Nigel Harman: 'Staging these Berkoff plays is about risk-taking'

Ahead of his double-bill of plays by Steven Berkoff, ”Lunch” and ”The Bow of Ulysses”, at Trafalgar Studios, Nigel Harman explains what drew him to the shows

Nigel Harman in rehearsals for Lunch
Nigel Harman in rehearsals for Lunch
© Marc Brenner

Nigel Harman is exceptionally difficult to predict. The London-born performer-director started out singing and dancing in his early years, before bagging himself an agent – aged eight – and scoring a string of TV roles. His breakout part was Dennis Rickman in EastEnders which he played for four years and won several Best Newcomer and Best Actor awards. Since his soap days, he's jumped wholeheartedly back into theatre, starring in the likes of Guys and Dolls and A Chorus of Disapproval, I Can't Sing and Shrek (for which he won a WhatsOnStage Award).

He's still ready to confound us, however, with his latest move into directing, which was kick-started after he took over directorial reins on the UK tour of Shrek. Now, he's trying something on a slightly smaller-scale: a double-bill of Steven Berkoff's Lunch and The Bow of Ulysses at Trafalgar Studios. We caught up with him ahead of the shows' opening to find out why he's picked these plays in particular.

When did you first come across Lunch and The Bow of Ulysses?
It was the producer Jimmy Jewell who told me to read these two plays. And when I did, I thought they were fantastic. Lunch is about two strangers who meet in a beach cafe, Bow is them meeting 20 years later. They are set in 1973 and 1993, but we are trying not to set them specifically in those years because a lot of what is being discussed is pertinent to right now.

Are you setting it in a cafe?
We are setting it on a pier because I often find with piers that you can't tell whether its 100 years old or not.

Did Steven Berkoff write them at the same time?
No, he wrote Lunch in '83 and the second one twenty years later. It's very clever because there's a clear difference in his writing and he links them to each other. I'd love for him to write another one, 15 years from now. The plays are a little like when you see two people sitting on a bench next to each other but not talking and then you realise, when they walk off, that they are actually together. There can be something peaceful in other people's company, but this isn't that.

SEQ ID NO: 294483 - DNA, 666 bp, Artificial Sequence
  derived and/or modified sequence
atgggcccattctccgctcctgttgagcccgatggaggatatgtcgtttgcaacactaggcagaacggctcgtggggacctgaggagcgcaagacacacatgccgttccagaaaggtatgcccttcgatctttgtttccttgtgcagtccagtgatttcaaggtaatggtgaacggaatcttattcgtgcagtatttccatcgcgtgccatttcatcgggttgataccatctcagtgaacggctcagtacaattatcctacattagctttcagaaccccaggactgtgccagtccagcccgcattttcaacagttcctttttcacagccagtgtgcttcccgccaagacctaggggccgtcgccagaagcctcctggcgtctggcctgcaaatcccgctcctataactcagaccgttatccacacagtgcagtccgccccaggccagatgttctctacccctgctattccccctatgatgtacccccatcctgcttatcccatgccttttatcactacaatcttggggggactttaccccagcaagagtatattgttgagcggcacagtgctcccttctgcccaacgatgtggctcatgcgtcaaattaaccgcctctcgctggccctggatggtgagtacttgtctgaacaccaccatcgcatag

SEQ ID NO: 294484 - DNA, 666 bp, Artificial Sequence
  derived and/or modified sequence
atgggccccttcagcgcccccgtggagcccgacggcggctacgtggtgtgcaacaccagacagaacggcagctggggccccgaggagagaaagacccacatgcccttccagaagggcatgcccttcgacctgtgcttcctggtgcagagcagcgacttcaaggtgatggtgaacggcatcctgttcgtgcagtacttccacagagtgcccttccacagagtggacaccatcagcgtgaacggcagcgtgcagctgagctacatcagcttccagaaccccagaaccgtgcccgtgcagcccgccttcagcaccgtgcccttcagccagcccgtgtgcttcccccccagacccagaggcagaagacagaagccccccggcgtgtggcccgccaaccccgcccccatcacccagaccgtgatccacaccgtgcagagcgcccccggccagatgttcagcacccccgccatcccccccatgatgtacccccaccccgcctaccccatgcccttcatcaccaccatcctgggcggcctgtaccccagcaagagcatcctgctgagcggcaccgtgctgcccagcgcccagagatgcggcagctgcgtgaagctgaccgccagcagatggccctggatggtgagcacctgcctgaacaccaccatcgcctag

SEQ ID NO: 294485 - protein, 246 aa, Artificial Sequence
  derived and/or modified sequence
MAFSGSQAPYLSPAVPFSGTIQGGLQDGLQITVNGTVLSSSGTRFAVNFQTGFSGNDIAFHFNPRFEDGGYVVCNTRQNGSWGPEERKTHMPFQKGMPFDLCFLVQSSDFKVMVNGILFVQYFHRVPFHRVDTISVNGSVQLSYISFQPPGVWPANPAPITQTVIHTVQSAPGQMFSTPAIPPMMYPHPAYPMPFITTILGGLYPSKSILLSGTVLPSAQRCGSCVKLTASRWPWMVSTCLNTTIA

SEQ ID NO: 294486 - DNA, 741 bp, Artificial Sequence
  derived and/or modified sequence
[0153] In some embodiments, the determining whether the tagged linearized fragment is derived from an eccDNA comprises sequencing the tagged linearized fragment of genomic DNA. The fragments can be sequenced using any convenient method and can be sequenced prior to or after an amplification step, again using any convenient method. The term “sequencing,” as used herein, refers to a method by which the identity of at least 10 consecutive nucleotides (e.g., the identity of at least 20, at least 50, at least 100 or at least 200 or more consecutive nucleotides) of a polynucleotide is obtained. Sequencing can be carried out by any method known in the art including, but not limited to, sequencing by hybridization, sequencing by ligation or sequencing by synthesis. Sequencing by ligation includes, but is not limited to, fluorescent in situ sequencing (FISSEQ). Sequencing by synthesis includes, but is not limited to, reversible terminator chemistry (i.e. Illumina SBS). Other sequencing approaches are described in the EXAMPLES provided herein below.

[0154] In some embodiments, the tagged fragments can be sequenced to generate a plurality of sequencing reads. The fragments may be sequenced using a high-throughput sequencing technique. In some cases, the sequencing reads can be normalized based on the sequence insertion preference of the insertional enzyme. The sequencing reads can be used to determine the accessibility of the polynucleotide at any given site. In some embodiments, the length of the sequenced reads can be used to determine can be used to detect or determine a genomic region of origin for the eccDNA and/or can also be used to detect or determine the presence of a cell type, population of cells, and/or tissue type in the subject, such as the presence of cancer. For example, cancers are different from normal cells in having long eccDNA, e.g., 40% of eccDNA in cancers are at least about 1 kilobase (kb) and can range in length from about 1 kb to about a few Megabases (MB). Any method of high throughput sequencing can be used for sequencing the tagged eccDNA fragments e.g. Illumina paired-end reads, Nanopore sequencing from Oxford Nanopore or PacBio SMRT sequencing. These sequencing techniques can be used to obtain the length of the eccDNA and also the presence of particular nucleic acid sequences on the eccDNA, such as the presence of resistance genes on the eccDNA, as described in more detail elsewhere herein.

Berkoff's plays aren't known for being particularly peaceful…
No, and I love him for that. He finds stuff we don't want to talk about. They are very sexual plays too that explore the submissive and dominant in the sexual arena. He breaks the fourth wall and there's nowhere to hide. In Trafalgar 2 – the tiny studio space – there are several points where we really engage with the audience.

Is it quite hard-hitting?
It's very funny, and caustic and Berkoff pulls no punches. There's an element of life passing these two people by. It's almost Greek in places. Berkoff loves Shakespeare of course, plus there are moments in it that really remind me of The Caretaker. There's silence, utter silence.

You have two actors playing both parts in both plays, how are they ageing?
We don't break the plays, we just go straight on – they are 45 minutes each – and there's a point in the middle where we literally see Emily [Bruni] and Shaun [Dooley] age. But we didn't want to do hair and make up or an interval because it ruins the flow.

This must be a very different directing gig to the Shrek tour…
Yes, which was ginormous. This is on much more of a budget. Probably the cost of Shrek's head is the entire budget of this one. This is very very different, it's intense and intimate and about risk taking.

It sounds like it's intense for the actors too…
Yes, it's basically been the three of us, especially in the first one as no one gets time off. The second is split into monologues, so one actor can learn their lines while the other rehearses. But the three of us are in it together and having a background in acting myself, I am so aware of what they are doing and risking. It's been going fantastically well.

You were planning on directing Rabbit Hole, what happened?
The short answer is that we had to park it because of casting issues and then they did it at Hampstead. It was sad when they announced they were doing it but it is part and parcel of our job, if people didn’t turn down jobs I wouldn’t have had half the roles I have.

Had you always wanted to be a director?
No, it was an actor who lit something in me, after they pointed out that I tended to look at plays from the whole and not just my role. I started thinking about it more and then an opportunity came round and I thought I would dip my toe in this water and see what happened. Things fell into place. I was very lucky because I absolutely love it.

Were you disappointed by the fact that I Can't Sing closed so soon?
No not really, I had a good time, I really enjoyed it. It’s not everyday you turn around and see a man jumping in a massive inflatable mouth, while you're trying to lip sync to Simon Cowell through a mic in the wings. You just think: "What am I doing, this is completely nuts". I kind of loved it for that. People still sidle up to me, like it's a drug deal or something and say: "I came to I Can't Sing and really liked it."

What are your future plans?
I'm in this Sky TV series Mount Pleasant and I have lots of things in the pipeline. I've done a workshop of a new musical which we are going to try to bring over from Broadway, plus I am working with a new writer on something interesting about Charles Dickens and Charles Dogson – who was Lewis Carroll. Oh and there's the return of the Shrek the Musical tour next year.

Lunch and The Bow of Ulysses runs at Trafalgar Studios until 5 November.